Florida Splendid China
Things are not always as they appear in the world of Central Florida theme parks: trees are made from fiberglass, Presidents turn out to be robots, and the park that appeared the most serene was actually the most controversial.
Florida Splendid China, a $100 Million theme park which opened in 1993 on 76 acres just West of the main entrance to Walt Disney World, brought to visitors the beauty and landmarks of China in miniature form. Accurate scale models of some of that China's most interesting architectural and cultural sites, peopled with a motionless ceramic population, were scattered along the park's curving and well landscaped (if not particularly shady) paths.
The miniatures included replicas of The Great Wall of China (this version was half of a mile long and built brick by brick), The Terra Cotta Warriors of Xi'an, The Leshan Grand Buddha Statue (in 1/8th scale), The Forbidden City (including a miniature Emperor's wedding procession), Potala Palace (the spiritual center of Tibet and traditional seat of the Dalai Lama) and more than 50 others representing the diversity of cultures within the region.
Although all of the miniatures were meticulously done, some were more effective than others. The Yurts of Mongolia, for example, were on so small a scale compared to the surrounding grass that they appeared like nothing so much as upended dog bowls. It only took a few years for a few of the scenes to begin showing cracks and other wear, with some of the small figurines that populated them broken or missing entirely.
In addition to the miniatures there were shows scheduled throughout the day that included a review of Chinese culture and music and troops of acrobats doing truly amazing things with jars, hoola-hoops, and their own bodies.
Aside from the show schedule, visitors were free to wander the grounds and look at the scenes, or to just sit, relax, and enjoy the view. A large play structure, Panda Playground, was built to entertain kids when the slow pace of the park got too boring. Florida Splendid China had no rides, no bright lights, and no frenetic action and flashy stunts like you find at the other theme parks in the area. It was designed for relaxation and contemplation of the beauties of the Orient. On the surface, the park was serenity itself -- but in the background, if you listened, you could hear the sounds of protest...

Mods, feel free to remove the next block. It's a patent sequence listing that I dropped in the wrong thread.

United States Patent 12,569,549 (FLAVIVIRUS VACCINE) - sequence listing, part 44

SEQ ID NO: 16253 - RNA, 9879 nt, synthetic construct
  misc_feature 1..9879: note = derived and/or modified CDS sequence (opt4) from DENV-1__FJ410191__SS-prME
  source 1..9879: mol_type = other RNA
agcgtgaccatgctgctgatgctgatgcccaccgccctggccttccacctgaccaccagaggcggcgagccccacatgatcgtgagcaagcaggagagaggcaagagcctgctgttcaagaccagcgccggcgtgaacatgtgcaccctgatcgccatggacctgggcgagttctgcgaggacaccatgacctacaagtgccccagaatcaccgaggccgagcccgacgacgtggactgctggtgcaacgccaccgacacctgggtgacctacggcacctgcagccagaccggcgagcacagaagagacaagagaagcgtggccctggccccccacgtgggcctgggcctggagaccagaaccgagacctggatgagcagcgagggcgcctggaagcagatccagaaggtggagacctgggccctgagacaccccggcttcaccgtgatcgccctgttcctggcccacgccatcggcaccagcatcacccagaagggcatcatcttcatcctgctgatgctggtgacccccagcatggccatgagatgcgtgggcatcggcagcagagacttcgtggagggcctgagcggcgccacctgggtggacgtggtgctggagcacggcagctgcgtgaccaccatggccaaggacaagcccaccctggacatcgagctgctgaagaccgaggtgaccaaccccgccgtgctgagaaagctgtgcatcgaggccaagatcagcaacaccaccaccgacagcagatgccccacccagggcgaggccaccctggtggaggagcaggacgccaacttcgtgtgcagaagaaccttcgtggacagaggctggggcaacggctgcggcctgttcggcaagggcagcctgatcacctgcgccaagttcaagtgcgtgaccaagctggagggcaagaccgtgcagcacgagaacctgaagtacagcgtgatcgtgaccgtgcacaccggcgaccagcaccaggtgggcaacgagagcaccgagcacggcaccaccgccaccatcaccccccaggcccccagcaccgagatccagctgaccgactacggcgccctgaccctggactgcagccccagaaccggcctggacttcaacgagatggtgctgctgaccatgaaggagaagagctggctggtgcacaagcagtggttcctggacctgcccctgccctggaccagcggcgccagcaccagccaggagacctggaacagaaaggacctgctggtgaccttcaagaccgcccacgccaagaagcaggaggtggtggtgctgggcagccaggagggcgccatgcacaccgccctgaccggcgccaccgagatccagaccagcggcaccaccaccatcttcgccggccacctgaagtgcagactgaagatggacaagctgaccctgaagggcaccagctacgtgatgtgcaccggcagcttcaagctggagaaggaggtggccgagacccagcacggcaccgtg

Florida Splendid China presented a peaceful picture of China as it had once been -- the temples populated by quaint, colorful monks, no troops stationed in Tibet, and no tanks in Tiananmen Square. Protestors charged that Florida Splendid China was a tool for propaganda rather than entertainment, and they often staged demonstrations outside the park, and also worked to end school field trip visits.
The park's critics charged that depictions of Tibet's Potala Palace, Mongolian Yurts, and other landmarks from other cultures as being within China were attempts to legitimize Chinese Communist occupation of formerly independent areas, that the multiplicity of religious sites gave a false impression of religious and cultural tolerance within China when those religions were being oppressed, and that the park was actually owned and operated by the Chinese Government through China Travel Services and was in violation of the Foreign Agents Registration Act. Park officials denied that there was any political purpose to Florida Splendid China. The vice president of China Travel Service told The Orlando Sentinel: "We're a theme park. Nothing more."
Americans never embraced Florida Splendid China. Unlike its sister park in China, Shenzhen Splendid China, which has been a major success with thousands of visitors each day, the Florida park was rarely crowded. It seemed to have been built for a much greater volume of guests; several restaurants built within the park remained empty and closed. If it was propaganda, the message wasn't getting out as widely as first planned.
As the park deteriorated in the Florida sun, Sunny Yang, once President of the attraction, attempted to negotiate a sale of the park in 2000, but was recalled to China and placed under house arrest, in part because of allegations of financial mismanagement from his handling of the attraction. In 2002 the Orlando Business Journal called Florida Splendid China "the theme park equivalent of a ghost town." Compared to the other theme parks of Central Florida, it didn't seem so splendid, after all.
On December 30, 2003, the following appeared on the park's website: "FLASH!!! Florida Splendid China Theme Park will discontinue operations in Central Florida as of the close of business on December 31, 2003. This determination was reached primarily due to the continued downturn in the tourism economy, as evidenced by the closing of other tourism-dependent businesses in the area. Despite several years of attempting to achieve successful theme park operations, the company has concluded that it could not longer continue to incur significant losses. To our friends and supporters, we express extreme regret that this action has become necessary."
The park is now closed. A general auction that began on Thursday, December 9th, 2004, saw the selling off of all park assets.
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Photos (taken on a visit in 1999) copyright 1999 and 2003 by Robert H. Brown.
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